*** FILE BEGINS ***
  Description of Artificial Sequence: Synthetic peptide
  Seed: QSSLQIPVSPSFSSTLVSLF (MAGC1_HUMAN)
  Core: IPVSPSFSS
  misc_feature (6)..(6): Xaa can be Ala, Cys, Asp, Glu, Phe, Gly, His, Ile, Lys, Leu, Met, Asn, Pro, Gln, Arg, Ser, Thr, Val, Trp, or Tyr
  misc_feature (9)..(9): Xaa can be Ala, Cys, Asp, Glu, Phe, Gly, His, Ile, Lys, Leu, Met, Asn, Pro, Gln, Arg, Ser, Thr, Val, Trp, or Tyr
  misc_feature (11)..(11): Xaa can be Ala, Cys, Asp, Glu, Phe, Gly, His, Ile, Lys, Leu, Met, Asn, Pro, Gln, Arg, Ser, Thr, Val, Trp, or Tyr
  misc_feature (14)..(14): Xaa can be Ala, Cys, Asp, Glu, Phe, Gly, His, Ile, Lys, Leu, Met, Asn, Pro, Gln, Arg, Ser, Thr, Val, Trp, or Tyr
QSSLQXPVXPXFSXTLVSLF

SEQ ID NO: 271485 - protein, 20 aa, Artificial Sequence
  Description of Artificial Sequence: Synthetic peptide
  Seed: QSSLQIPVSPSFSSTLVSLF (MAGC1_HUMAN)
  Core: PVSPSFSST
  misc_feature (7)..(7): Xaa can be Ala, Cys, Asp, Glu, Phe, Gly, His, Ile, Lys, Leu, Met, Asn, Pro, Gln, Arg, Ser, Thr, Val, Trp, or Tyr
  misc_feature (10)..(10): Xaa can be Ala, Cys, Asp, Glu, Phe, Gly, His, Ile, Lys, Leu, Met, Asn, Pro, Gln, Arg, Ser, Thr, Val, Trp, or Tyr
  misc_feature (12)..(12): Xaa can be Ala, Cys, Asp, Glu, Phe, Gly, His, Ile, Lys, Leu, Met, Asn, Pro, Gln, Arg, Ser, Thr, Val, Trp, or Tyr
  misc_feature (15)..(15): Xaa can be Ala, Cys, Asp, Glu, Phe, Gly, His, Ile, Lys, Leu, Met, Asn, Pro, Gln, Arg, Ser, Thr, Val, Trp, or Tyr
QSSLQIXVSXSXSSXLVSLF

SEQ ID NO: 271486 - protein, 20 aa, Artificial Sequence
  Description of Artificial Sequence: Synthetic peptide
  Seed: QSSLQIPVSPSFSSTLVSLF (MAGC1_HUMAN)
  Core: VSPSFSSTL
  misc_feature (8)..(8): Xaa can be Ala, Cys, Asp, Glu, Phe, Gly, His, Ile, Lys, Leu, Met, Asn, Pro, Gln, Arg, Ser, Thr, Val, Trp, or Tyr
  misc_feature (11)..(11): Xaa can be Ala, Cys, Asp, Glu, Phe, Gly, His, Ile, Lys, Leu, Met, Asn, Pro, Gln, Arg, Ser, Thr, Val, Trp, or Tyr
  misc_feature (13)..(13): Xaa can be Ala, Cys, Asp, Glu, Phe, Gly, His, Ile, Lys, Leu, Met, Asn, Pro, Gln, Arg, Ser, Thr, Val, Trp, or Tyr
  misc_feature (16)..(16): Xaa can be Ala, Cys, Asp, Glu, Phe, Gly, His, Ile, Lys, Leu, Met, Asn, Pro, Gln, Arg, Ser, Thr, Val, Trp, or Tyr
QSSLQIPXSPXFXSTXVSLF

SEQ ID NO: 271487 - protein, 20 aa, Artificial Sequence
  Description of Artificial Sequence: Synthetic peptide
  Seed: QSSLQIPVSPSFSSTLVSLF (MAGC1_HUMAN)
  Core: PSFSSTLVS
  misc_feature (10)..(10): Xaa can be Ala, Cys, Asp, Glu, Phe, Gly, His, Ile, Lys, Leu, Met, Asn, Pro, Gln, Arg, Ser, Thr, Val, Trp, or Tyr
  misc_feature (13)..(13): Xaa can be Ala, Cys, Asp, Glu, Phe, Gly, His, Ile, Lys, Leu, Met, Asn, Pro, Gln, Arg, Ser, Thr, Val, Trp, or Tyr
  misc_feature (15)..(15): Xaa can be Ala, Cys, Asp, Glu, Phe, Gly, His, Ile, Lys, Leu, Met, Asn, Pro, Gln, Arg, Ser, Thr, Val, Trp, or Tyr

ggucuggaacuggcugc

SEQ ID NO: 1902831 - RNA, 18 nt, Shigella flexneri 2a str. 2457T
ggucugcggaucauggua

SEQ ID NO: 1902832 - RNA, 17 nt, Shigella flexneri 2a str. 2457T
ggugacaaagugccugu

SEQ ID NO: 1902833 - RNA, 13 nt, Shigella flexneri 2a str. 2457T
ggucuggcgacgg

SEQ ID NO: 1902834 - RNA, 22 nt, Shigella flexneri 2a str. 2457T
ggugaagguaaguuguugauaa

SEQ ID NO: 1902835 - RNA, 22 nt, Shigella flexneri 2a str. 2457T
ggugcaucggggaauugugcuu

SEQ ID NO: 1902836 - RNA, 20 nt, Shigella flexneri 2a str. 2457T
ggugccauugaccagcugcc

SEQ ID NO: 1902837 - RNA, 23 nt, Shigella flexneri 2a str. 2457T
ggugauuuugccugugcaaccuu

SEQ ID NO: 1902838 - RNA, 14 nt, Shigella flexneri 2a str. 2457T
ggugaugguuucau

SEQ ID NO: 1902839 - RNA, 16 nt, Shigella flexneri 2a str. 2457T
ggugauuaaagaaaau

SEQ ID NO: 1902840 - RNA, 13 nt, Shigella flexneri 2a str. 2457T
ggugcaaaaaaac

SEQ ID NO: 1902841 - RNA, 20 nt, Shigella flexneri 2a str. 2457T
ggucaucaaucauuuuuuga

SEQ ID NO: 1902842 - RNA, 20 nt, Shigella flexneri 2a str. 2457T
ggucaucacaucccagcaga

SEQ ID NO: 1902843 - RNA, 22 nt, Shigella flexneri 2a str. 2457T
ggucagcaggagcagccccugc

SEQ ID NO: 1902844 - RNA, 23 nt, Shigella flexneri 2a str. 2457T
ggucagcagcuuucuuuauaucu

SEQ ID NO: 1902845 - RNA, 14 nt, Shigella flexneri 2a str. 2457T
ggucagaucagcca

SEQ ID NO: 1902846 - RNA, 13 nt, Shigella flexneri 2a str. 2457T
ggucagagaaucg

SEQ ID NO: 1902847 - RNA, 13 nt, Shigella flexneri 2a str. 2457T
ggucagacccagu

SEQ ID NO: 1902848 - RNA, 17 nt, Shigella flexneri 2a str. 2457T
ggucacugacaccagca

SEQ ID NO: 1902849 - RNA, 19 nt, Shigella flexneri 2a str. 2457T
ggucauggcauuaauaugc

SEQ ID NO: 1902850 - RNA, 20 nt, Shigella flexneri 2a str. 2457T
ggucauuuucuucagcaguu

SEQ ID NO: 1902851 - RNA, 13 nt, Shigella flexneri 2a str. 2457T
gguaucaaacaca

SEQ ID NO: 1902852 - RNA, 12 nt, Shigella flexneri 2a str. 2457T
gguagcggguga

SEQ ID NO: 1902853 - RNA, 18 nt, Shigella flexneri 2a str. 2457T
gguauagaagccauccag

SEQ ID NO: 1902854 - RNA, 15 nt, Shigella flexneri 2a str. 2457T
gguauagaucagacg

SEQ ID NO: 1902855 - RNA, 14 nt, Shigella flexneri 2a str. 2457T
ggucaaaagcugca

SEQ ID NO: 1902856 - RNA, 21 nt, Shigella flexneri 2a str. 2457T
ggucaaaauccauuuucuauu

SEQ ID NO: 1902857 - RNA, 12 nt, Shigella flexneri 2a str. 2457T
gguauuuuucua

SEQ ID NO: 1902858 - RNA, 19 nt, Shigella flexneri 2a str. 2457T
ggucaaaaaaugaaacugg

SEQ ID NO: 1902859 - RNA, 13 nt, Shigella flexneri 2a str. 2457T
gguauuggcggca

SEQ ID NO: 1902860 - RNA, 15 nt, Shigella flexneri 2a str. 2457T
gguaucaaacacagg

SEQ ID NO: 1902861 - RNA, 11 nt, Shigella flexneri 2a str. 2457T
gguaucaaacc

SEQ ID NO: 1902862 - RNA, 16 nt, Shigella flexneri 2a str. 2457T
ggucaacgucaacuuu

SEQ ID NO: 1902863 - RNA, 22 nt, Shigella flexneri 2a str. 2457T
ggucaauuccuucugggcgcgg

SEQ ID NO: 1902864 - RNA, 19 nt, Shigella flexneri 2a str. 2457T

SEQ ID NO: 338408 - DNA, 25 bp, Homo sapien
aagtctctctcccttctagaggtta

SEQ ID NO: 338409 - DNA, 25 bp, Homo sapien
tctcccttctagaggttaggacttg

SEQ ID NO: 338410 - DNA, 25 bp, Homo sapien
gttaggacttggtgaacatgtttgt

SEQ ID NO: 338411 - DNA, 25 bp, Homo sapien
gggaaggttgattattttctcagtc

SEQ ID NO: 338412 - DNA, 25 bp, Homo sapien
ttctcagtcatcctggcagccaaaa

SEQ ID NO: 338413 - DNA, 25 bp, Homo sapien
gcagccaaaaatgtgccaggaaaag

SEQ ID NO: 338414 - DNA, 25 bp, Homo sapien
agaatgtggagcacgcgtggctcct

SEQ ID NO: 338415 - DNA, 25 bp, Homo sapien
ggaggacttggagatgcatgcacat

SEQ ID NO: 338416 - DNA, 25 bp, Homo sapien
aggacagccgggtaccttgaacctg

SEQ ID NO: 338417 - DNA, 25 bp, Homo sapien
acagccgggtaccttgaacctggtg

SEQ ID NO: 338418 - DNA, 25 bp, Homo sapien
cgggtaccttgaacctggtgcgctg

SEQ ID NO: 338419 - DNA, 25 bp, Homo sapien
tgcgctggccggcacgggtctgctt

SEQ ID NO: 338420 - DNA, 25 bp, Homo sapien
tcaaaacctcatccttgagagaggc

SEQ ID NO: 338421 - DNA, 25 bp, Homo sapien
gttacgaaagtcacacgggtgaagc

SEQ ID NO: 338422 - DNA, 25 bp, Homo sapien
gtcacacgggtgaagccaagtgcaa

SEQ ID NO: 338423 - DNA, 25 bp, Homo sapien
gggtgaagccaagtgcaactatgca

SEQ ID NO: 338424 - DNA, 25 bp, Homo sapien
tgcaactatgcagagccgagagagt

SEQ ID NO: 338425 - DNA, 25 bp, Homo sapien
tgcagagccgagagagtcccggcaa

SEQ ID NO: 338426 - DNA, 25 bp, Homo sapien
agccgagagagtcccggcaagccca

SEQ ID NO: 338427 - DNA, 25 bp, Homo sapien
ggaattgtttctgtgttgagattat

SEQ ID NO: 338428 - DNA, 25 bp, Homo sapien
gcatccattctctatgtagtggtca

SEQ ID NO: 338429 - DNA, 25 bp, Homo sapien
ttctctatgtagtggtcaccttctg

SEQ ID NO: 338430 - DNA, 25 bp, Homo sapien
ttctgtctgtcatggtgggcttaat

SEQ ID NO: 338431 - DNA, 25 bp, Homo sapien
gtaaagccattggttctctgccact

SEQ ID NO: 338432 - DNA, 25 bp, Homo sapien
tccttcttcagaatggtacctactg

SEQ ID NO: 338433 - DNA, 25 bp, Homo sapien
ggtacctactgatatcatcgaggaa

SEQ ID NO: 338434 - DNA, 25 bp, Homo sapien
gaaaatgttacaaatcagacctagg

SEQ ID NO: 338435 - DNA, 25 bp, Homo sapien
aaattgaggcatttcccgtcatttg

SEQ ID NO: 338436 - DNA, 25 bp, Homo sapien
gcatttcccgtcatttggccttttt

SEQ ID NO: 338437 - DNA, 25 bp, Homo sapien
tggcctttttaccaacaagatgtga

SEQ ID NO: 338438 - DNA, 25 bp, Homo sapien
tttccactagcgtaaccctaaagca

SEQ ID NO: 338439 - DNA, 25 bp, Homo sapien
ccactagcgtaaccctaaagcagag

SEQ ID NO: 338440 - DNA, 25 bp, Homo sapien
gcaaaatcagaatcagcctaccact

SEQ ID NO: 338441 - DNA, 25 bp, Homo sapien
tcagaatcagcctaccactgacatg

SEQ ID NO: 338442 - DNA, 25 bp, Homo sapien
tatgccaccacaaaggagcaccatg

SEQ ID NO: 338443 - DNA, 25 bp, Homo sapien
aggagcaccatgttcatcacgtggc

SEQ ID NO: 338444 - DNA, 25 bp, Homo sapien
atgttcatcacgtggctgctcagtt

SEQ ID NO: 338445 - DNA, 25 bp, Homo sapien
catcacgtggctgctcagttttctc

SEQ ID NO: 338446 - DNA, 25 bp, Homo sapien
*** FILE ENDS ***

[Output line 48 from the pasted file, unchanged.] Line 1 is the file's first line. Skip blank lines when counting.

ggugauuuugccugugcaaccuu